The bending stress applied to a round bar, as a function of deflection, is a straightforward solid mechanics calculation. The first step is to use geometric relationships to find the radius of curvature of the bolt as a function of depth of the yoke (essentially the same as the subtended chord of the deflected bolt) and the deflection of the bolt in the deformed yoke holes. This analysis assumes that the deflected bolt forms a circular arc. The diagram below shows the geometry and defines the displacement d of the bolt, the chord c (or depth of the yoke = 40 mm) and the radius of curvature R of the bent bolt.
The required relationship between bolt deflection d and radius of curvature of the bolt R given by:
The radius of curvature R can be related to surface bending stress via the equation:
where E is the modulus of elasticity (210 GPa), r is the radius of the bolt (5.5 mm) and R is the radius of curvature of the bolt under load, defined in the diagram.  Combining the above two equations gives:
This equation gives the stress induced at the surface of bolt under a bending load which causes a deflection d in the bolt.  This can be compared with the stress to cause fracture obtained from a suitable stress intensity equation. The case of a semi-elliptic crack in a round bar, subject to bending, has been solved by several workers and two recent publications are referenced below.
Summarising the results for the present case indicates that an approximate relationship between stress intensity factor and applied stress is given by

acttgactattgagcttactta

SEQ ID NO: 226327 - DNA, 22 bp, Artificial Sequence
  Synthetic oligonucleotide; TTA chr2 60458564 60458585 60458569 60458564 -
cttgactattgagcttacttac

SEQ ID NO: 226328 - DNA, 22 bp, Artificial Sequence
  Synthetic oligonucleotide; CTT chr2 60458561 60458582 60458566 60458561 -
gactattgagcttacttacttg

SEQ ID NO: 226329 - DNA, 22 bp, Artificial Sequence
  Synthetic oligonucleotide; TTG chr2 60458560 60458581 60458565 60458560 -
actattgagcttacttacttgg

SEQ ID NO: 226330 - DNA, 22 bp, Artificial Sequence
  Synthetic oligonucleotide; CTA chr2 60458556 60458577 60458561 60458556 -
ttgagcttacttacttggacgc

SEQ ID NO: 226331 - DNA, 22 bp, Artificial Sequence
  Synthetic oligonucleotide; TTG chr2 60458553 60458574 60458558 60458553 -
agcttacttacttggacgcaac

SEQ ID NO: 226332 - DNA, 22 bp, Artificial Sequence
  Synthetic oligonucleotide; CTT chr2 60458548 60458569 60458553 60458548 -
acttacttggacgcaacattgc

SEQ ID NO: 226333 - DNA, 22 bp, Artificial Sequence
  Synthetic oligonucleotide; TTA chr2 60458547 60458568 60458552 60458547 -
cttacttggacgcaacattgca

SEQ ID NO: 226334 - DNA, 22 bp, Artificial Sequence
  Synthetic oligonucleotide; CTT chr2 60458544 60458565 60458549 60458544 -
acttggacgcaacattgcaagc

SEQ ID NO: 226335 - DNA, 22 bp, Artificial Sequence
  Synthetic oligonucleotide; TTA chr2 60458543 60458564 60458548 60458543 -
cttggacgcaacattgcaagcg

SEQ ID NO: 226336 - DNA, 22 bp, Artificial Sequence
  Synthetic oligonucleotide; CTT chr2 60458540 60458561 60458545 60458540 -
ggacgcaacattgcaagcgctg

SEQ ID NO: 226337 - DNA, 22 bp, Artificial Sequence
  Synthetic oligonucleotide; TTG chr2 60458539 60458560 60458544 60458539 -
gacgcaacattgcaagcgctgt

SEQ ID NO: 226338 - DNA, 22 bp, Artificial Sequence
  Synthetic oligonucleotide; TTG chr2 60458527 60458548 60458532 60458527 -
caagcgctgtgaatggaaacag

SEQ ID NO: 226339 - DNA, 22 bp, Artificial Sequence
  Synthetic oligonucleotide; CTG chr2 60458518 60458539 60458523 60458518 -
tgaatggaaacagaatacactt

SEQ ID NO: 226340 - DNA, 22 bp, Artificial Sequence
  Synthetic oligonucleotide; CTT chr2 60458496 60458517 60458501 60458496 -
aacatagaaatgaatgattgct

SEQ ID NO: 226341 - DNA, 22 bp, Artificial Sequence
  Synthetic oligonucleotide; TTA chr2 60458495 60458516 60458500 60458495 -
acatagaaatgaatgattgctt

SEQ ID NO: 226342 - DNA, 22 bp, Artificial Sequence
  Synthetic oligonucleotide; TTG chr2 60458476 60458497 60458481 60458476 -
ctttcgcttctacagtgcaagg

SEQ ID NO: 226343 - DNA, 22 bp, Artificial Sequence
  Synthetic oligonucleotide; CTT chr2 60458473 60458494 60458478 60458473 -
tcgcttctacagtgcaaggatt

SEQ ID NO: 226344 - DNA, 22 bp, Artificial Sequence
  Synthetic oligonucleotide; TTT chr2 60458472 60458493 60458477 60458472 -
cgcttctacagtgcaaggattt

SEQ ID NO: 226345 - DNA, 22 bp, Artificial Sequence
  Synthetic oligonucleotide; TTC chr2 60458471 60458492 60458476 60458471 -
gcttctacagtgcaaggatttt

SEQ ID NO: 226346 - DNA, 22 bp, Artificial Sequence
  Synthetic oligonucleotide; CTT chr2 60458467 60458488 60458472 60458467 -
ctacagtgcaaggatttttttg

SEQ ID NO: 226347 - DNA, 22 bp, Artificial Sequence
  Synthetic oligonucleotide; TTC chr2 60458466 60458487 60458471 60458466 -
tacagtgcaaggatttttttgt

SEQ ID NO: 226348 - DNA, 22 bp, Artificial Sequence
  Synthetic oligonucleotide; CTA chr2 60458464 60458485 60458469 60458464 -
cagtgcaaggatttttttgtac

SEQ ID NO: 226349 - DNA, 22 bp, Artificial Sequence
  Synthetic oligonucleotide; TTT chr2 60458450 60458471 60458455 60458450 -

where a is the crack depth and Y is a geometry correction factor that depends on crack aspect ratio (depth/surface length) and the ratio of crack depth to bolt diameter.  For the likely variation in these parameters for the cracked shear bolt, the geometry correction factor could vary between 0.95 and 1.12.  At fracture, the value of K equals the fracture toughness KC which is likely to lie between 70 MPa m and 110 MPa m.

The applets below allow calculation of the bending stress induced by deflection (perhaps in a range of 0.1-0.5 mm) and the fracture stress in the presence of a fatigue crack.  Examine the effects on the stress calculations of varying the parameters KC, Y, a and d over their possible ranges.  In such an approximate analysis, the values of stress obtained may seem high in comparison with the tensile strength, but does this approach provide support for the possibility that the shear bolt may have failed first, followed shortly afterwards by the tractor coupling bolts as the aircraft veered outwards past the tractor?

  1. Yan-Shin Shih and Jien-Jong Chen (2002), The stress intensity factor study of an elliptical cracked shaft, Nuclear Engineering and Design, Vol. 214 pp.137-145.
  2. M da Fonte and M de Freitas (1999), Stress intensity factors for semi-elliptical surface cracks in round bars under bending and torsion, International Journal of Fatigue, Vol. 21 pp.457-463.

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